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The rat population in the U.S. range from 90 million to 100 million, or about half as many rats as people. For New York City, the estimates run as high as 8,000,000, or one rat per person. The U.S. Department of the Interior figures that a rat eats 40 Ibs. of food a year, and spoils twice as much. The nationâ€™s total rat damage is roughly $1 billion a year.
people are bitten each year in the U.S. run to 50,000 or more. New York City averages 600 reported cases a year. As in the rest of the U.S., 90% of the victims are young children.
The female rat is capable of breeding at four months, and usually produces four litters, each of six or more young, in her reproductive year.rats in long-ago typhus epidemics, there is no doubt that they and their fleas transmit what doctors call murine typhus, a milder but perennial and widespread form of the disease. In their travels from sewers to trash cans to kitchens, rats may carry the germs of epidemic jaundice, tularemia, typhoid fever and severe food poisoning, the parasites of trichinosis, and even rabies virus.
The situation in New York City has gone on for years, and science does admit that they no longer respond to the old tried and true ways of the past to be rid of the vermin. But if this situation does not come under control, the rats will multiply far faster than the human race and we could see, in the worst case scenario, another plague epidemic, which is why science has to come up with a toxin that will take these rats out, obviously with something strong and resilient.
The Metropolitan Transportation Authority and city Health Department should be commended for their efforts by realizing that the rat population lingers most in the areas where the garbage is stored after waste cans from the platforms are emptied. But the garbage is sitting for days, and the rats, well no wonder they arenâ€™t budging. They have food and a warm place to stay. But before it reaches epic proportions, should not something be done? A new and powerful poison or making sure the garbage does not linger for days in one area or bring in a crew to hole up some of those cracks and crannies that rats like to hide out in and call home.
In the course of recent studies on murine typhus fever at Tampa, Florida, it was necessary to maintain a culture of oriental rat fleas, Xenopsylla cheopis. White mice, Mus musculus, were used as hosts to these ectoparasites, according to a technique modified from one in use at the Bureau of Entomology and Plant Quarantine at Orlando. The relationships between flea and mouse were observed over a two-year period.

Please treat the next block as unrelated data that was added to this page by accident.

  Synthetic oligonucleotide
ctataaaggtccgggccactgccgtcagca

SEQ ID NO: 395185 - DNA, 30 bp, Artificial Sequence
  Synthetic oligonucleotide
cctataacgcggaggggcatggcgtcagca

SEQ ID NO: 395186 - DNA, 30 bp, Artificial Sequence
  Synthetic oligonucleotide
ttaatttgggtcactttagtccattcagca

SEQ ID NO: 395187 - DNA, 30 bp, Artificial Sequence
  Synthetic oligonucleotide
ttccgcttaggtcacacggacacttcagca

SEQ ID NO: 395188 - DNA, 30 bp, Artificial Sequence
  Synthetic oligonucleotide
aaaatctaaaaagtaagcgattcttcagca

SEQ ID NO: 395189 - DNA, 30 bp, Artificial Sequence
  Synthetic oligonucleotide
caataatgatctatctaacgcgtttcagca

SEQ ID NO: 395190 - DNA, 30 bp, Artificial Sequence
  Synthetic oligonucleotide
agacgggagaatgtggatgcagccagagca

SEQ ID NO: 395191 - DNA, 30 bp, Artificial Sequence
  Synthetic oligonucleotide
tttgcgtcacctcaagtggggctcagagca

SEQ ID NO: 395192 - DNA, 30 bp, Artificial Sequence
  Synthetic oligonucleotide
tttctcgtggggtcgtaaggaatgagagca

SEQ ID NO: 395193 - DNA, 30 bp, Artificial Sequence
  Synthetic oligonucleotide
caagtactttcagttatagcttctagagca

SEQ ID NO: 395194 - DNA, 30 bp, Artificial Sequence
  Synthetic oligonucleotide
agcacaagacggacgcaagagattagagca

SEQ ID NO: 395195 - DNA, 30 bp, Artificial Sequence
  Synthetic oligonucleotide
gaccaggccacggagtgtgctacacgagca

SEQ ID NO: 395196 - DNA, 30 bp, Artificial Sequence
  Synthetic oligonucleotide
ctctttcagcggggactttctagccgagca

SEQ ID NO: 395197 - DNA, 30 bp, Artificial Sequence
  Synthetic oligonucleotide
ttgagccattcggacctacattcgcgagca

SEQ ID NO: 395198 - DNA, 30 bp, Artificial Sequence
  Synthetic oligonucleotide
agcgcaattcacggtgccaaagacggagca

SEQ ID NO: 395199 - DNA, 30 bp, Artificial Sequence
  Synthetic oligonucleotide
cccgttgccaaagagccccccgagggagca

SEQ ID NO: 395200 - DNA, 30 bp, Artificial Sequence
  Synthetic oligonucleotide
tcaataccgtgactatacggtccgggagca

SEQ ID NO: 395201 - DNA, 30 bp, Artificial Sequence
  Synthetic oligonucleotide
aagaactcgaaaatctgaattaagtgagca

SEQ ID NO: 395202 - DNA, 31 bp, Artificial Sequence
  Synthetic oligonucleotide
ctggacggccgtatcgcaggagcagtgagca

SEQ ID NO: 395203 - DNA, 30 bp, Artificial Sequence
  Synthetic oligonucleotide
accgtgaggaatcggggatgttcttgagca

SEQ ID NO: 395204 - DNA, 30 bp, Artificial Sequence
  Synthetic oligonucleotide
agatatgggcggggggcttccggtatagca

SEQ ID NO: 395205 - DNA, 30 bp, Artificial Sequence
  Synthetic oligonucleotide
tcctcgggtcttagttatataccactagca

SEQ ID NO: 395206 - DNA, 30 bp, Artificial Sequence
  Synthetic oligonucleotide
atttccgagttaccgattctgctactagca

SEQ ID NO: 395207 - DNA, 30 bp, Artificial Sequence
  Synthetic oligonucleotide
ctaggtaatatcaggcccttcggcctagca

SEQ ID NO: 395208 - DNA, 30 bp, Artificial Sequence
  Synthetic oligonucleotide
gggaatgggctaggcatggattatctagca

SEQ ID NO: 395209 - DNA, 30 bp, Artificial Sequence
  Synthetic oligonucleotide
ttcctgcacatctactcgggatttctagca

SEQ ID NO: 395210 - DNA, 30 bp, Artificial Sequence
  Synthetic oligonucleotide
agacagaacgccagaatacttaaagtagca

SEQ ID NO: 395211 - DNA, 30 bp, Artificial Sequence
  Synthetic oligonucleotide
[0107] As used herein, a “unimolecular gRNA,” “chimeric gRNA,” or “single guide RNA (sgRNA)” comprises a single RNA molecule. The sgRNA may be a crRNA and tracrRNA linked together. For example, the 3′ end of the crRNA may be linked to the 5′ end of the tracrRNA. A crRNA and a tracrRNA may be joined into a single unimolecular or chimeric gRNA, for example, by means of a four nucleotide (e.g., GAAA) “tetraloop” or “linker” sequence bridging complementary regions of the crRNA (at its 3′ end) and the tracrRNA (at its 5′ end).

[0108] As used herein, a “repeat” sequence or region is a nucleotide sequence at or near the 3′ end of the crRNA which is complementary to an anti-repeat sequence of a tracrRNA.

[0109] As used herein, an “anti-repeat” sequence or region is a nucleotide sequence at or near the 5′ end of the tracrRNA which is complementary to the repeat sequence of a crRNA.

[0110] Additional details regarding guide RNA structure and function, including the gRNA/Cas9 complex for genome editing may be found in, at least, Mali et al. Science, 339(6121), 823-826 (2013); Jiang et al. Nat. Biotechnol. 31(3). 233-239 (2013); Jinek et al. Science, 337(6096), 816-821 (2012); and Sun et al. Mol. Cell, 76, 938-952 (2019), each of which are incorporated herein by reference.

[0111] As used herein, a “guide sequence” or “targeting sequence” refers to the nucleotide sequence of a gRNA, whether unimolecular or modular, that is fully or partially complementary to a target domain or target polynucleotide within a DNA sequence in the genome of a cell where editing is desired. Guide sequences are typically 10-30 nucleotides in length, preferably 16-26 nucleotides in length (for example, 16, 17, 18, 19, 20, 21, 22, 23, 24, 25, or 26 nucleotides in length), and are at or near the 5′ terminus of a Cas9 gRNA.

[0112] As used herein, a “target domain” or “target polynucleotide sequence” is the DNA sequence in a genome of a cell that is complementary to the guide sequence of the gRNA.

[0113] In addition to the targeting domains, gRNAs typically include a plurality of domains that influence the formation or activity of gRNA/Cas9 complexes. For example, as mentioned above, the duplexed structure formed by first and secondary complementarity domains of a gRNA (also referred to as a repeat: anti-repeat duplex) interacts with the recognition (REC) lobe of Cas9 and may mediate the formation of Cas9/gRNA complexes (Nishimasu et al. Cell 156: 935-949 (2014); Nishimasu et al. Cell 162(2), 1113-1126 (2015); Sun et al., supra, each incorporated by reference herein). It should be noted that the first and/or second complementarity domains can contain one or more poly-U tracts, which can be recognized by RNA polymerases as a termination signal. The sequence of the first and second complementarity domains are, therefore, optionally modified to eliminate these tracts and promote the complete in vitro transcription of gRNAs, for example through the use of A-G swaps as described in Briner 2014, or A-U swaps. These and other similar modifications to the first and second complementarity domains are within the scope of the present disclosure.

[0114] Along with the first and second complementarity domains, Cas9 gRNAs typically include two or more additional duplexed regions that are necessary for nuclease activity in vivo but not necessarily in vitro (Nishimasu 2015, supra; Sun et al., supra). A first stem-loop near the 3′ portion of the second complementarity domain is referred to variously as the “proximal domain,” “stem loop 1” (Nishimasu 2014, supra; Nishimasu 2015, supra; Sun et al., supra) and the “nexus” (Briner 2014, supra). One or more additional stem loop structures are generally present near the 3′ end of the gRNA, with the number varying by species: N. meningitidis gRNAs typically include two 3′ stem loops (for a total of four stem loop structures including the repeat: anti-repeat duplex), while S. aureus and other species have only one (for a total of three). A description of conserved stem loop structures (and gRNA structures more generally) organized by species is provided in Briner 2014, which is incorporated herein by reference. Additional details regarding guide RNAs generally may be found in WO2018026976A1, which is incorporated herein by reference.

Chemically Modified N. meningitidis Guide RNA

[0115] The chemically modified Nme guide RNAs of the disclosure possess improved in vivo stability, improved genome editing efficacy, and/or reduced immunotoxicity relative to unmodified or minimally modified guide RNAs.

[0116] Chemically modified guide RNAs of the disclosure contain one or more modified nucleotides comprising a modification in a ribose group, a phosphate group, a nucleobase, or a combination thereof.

During the same time it was frequently desired to feed fleas on roof rats, Rattus rattus, and comparable observations were made. Laboratory personnel, responsible for these routine operations, reported a divergence of flea behavior with respect to the two species of host. Subsequent observations have repeatedly confirmed their findings. These later observations are here reported since they may have bearing, as a side light, on the epidemiology of murine typhus fever and other diseases of commensal rodents in which ectoparasites serve as vectors.
Deer mice are the primary reservoir for hantavirus in Washington State; exposure to their nests, urine, feces or saliva places individuals at risk for developing infection.To identify rodent sources of infection.To design more effective control or prevention methods. To better characterize the epidemiology of this organism.
Rat-bite fever occurs most often among laboratory workers who handle lab rats in their jobs, and among people who live in poor conditions, with rodent infestation. Children are particularly likely to be bitten by rodents infesting their home and are, therefore, most likely to contract rat-bite fever. Other animals that can carry the types of bacteria responsible for this illness are mice, squirrels, weasels, dogs, and cats. One kind of bacteria can cause the same illness if it is ingested in unpasteurized milk or in water that has been contaminated with rat waste.
Preventing mouse infestation: Keep food preparation, cooking, food, (including pet food) areas and storage facilities covered and clean.Contain and elevate garbage bins.Seal holes and enterY ports, if possible by nailing a metal plate such as flashing, across the opening. If that is not possible such as with a small crack, stuff the crack with steel wool. The steel wool cuts their noses and their feet and they will give up and try to find another warm place to invade.Once you have the steel wool in place, you can seal up the crack against drafts with spray foam or caulking.
If you ever have any bug related issues in New York City, feel free to call us either at Beyond Pest Control. Once again, and I canâ€™t stress this enough we are on call twenty four hours a day seven days a week to kill those bugs, we arenâ€™t kidding whether you call us at 9 am or midnight we will be available to take your call and either get rid of the bug infestation, or answer any questions you may have concerning the bug issue. I can honestly guarantee that there will be someone to answer that call. We make it our business to make you bug free!
Our pest control specialists service all NYC boroughs, including Queens, Brooklyn, Bronx, Manhattan, Long Island (both Nassau & Suffolk counties), Staten Island and even both Westchester & Rockland counties.